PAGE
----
It was decided that GM's high-price brand Cadillac could use a smaller, but still upscale, companion line, and so was born the Cadillac Catera, marketed during the 1997-2001 model years. The donator model was GM's German Opel Omega, which served as the basis for several other badge-engineered GM lines. The Catera was market-positioned as a European-type compact performance car, something like a BMW, but available at one's friendly local Cadillac dealer.
According to the first link, above, the Catera did not sell very well, averaging around 20,000 units per model year. Worse was the damage it did to Cadillac's brand image that recently had been tarnished by the Cadillac Cimarron model. Actually, the Catera was a much better car than the Cimarron, but it never really seemed like a Cadillac to the American car buying public.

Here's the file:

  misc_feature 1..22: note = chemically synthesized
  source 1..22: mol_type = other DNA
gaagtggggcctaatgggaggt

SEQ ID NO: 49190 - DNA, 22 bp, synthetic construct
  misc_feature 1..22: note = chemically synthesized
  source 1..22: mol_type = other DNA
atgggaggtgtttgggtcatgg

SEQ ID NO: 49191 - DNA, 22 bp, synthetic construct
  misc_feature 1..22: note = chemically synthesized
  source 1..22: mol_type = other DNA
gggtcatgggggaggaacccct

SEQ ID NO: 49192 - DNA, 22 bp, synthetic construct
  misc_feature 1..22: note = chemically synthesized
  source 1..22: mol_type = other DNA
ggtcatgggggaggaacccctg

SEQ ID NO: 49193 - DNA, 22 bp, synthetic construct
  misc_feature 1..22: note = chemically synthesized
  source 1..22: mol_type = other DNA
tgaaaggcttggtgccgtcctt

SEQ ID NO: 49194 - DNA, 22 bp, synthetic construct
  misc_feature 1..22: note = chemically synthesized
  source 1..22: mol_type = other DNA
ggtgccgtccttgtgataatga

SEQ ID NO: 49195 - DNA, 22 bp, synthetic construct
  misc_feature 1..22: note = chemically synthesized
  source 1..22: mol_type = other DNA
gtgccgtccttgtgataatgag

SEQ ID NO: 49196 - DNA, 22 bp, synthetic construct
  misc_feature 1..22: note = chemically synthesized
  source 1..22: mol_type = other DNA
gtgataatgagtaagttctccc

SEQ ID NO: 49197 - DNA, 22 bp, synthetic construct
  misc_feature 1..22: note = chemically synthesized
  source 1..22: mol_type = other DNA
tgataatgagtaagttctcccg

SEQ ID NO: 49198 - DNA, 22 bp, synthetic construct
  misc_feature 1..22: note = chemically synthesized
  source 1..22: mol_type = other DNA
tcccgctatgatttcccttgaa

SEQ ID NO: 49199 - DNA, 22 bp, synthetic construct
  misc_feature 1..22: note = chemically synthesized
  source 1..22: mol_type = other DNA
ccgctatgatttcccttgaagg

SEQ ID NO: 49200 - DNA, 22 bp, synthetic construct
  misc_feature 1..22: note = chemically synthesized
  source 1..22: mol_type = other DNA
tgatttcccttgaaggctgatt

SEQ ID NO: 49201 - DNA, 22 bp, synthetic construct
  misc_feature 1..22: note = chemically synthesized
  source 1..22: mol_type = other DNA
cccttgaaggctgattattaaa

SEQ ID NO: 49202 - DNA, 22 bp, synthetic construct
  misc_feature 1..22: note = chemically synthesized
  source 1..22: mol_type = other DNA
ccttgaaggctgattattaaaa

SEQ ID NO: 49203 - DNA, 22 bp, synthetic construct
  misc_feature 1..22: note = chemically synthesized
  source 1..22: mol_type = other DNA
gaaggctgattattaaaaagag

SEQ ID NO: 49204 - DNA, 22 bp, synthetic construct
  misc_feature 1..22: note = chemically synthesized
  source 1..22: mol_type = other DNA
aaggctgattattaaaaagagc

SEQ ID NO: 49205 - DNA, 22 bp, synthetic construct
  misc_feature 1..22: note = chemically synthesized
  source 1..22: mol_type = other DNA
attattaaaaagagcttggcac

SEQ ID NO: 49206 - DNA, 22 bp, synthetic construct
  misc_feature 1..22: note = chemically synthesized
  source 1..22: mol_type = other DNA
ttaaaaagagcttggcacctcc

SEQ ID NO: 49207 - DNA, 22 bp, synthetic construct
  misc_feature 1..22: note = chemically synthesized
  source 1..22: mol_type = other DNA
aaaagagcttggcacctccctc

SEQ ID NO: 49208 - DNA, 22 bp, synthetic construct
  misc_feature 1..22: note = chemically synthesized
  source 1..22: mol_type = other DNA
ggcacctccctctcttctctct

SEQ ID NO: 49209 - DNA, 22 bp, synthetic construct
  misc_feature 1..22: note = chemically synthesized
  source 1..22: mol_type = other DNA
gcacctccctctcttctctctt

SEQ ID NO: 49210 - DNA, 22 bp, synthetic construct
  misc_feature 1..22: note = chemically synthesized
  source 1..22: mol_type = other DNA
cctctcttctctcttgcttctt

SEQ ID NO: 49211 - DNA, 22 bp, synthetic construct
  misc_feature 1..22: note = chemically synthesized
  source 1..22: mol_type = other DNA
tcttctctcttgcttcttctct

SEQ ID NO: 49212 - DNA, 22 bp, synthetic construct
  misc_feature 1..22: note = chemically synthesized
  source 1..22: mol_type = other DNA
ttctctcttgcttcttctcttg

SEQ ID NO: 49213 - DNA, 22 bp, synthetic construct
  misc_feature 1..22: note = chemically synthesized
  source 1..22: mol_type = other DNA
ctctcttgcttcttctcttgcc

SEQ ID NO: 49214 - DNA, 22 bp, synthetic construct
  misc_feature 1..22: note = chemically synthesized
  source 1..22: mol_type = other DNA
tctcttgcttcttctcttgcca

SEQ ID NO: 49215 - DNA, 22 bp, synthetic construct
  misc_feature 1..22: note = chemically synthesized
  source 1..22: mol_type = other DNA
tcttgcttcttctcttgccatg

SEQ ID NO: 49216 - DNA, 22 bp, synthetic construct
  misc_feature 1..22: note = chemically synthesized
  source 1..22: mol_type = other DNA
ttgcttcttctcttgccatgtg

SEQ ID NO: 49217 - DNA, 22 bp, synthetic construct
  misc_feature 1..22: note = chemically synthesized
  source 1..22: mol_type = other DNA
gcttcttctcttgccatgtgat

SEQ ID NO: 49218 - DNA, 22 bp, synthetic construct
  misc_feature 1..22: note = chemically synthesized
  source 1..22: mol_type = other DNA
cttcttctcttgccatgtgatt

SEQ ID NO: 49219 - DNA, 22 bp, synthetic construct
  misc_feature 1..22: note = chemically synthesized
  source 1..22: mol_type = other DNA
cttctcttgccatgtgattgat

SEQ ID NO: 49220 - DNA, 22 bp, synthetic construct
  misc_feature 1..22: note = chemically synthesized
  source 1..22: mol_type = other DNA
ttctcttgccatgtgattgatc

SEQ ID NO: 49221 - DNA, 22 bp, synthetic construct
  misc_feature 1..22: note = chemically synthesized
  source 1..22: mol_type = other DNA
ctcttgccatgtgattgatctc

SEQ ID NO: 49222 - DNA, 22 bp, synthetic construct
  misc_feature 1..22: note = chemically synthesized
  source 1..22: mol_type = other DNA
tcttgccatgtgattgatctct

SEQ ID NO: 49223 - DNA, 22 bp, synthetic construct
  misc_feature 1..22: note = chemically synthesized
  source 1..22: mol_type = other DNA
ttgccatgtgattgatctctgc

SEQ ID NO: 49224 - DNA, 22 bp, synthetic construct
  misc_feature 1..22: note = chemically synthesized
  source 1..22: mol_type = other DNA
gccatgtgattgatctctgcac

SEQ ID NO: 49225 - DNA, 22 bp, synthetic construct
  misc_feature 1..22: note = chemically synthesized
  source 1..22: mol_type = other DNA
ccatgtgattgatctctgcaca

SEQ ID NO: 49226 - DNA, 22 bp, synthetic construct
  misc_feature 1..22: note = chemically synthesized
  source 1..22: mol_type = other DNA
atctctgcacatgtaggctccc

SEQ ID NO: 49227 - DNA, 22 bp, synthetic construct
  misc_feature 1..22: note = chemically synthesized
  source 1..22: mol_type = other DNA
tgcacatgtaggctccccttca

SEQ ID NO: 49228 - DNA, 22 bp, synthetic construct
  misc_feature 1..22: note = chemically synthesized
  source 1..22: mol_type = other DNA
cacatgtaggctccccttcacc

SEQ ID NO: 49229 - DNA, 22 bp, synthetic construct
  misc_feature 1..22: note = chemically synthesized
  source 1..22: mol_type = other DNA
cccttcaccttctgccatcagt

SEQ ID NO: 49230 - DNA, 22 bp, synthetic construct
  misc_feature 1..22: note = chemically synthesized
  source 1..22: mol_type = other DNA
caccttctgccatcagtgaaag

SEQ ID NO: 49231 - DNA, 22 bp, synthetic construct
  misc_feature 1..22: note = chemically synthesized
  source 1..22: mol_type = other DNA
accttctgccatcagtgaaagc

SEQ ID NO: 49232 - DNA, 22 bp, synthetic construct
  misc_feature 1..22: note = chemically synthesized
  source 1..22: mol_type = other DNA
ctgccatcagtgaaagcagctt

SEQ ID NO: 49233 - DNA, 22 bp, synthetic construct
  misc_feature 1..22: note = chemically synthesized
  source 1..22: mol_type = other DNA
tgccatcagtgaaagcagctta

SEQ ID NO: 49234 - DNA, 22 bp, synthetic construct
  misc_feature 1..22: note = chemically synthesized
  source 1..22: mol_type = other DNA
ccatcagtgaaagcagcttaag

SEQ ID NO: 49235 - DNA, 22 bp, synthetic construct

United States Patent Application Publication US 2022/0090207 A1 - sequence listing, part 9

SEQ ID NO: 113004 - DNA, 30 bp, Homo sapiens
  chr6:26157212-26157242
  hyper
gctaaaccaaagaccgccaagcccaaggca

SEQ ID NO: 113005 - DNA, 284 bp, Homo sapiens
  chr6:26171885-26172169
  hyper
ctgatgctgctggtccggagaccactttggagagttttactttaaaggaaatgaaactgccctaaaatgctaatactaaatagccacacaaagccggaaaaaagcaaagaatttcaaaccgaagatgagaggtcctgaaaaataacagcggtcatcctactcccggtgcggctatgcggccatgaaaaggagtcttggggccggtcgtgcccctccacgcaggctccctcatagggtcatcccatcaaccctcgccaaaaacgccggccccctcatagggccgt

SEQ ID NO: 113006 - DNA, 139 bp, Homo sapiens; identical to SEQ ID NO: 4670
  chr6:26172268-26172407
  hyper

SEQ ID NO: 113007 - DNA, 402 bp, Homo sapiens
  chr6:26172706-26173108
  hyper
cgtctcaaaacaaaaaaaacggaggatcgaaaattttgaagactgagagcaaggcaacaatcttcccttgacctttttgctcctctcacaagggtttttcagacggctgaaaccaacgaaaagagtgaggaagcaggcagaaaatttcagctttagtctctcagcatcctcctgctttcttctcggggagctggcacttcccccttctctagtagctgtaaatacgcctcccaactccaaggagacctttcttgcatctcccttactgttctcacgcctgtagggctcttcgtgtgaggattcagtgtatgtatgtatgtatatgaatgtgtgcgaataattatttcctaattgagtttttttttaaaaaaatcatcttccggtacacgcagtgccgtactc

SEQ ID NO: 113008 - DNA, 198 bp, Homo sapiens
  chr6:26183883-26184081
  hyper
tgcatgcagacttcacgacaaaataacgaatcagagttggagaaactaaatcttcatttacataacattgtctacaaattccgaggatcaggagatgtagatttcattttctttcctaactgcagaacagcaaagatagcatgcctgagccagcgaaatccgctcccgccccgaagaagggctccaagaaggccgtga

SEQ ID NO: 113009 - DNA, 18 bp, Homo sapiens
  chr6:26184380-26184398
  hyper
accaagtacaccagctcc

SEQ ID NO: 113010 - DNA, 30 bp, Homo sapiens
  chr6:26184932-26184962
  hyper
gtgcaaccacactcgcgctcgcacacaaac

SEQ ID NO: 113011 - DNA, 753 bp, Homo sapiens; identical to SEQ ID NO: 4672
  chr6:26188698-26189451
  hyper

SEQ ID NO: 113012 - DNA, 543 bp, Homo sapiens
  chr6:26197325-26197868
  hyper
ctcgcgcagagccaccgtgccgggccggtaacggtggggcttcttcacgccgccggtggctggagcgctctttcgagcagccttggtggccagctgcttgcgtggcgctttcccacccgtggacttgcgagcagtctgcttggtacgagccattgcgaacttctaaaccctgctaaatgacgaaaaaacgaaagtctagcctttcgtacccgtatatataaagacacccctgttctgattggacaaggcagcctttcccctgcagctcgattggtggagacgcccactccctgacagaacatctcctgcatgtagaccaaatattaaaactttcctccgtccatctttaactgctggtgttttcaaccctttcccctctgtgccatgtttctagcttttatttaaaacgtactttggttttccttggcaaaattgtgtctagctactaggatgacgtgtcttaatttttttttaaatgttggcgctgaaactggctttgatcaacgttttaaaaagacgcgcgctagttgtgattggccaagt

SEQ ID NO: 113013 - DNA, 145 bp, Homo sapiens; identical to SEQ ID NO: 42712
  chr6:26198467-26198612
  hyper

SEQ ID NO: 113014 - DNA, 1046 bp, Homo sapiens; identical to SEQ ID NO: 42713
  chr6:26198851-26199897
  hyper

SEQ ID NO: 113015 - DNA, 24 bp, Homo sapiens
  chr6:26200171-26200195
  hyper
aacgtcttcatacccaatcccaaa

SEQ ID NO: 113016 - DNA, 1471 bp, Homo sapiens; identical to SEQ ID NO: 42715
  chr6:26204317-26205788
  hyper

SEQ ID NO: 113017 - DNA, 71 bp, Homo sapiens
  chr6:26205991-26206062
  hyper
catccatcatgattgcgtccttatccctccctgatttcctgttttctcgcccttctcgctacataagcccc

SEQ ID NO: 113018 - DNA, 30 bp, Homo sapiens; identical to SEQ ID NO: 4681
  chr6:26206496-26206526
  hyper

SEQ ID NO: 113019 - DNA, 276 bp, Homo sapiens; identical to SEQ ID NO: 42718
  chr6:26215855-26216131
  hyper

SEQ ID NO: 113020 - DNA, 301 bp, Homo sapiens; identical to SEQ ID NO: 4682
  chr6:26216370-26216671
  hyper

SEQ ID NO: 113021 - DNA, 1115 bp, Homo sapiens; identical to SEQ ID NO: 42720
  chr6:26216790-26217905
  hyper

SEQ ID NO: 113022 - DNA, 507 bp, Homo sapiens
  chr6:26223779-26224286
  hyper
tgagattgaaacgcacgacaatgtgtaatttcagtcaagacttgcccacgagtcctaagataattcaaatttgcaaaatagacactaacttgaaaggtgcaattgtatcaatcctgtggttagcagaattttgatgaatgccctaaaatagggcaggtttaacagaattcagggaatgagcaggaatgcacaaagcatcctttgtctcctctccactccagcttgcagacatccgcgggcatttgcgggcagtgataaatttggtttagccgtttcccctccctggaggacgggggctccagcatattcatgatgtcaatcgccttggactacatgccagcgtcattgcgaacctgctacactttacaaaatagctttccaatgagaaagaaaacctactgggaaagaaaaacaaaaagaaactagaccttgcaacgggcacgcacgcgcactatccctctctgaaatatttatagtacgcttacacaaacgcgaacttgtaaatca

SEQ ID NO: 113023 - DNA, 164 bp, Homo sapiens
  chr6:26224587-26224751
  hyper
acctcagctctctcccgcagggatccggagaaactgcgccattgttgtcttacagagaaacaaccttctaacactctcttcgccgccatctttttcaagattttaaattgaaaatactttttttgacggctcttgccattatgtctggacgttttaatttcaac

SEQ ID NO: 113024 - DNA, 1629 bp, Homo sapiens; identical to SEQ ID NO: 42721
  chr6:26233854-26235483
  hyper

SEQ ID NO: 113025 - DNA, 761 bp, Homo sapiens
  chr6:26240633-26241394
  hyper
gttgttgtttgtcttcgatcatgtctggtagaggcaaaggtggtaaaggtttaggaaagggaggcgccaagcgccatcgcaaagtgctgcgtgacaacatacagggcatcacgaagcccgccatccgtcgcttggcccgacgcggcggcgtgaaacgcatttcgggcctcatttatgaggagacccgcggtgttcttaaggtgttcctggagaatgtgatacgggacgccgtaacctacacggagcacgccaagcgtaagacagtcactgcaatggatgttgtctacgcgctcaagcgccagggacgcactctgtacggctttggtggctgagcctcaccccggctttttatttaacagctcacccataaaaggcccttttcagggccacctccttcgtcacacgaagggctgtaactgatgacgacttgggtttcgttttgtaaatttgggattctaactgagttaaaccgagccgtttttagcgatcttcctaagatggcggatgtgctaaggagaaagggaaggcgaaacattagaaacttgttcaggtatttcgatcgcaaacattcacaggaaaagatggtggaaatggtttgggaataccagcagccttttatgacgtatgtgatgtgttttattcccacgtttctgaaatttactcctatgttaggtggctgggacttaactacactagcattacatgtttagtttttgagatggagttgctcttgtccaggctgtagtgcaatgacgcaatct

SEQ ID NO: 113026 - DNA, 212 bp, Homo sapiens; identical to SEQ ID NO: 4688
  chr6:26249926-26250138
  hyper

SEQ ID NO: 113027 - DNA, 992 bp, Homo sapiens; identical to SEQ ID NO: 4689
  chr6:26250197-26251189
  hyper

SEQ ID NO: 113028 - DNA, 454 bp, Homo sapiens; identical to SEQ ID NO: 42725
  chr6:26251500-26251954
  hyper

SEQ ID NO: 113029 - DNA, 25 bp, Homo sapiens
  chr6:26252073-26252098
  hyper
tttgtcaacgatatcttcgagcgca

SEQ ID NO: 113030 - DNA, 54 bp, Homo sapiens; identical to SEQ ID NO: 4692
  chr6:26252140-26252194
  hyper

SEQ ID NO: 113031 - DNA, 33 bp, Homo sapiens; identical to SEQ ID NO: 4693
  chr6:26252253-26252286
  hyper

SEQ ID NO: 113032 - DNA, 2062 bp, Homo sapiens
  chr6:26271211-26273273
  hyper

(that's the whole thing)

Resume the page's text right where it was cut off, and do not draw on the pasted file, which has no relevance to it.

The Opel Omega / Cadillac Catera design was of the era when GM's styling managers tended to favor simple, somewhat rounded shapes that carried minimal ornamentation. My conjecture is that they were in thrall to the secular religion of Modernist purity of the sort that had been in vogue for 1930s architects and industrial designers. The result for GM was an extensive set of bland designs that did little to retard the corporation's decline. Also, this kind of styling actually camouflaged whatever high performance characteristics the Catera might have had; performance cars are seldom mushy looking.
This is not to say that Omega / Catera styling was bad, just that, for the Catera at least, it was inappropriate for the Cadillac brand.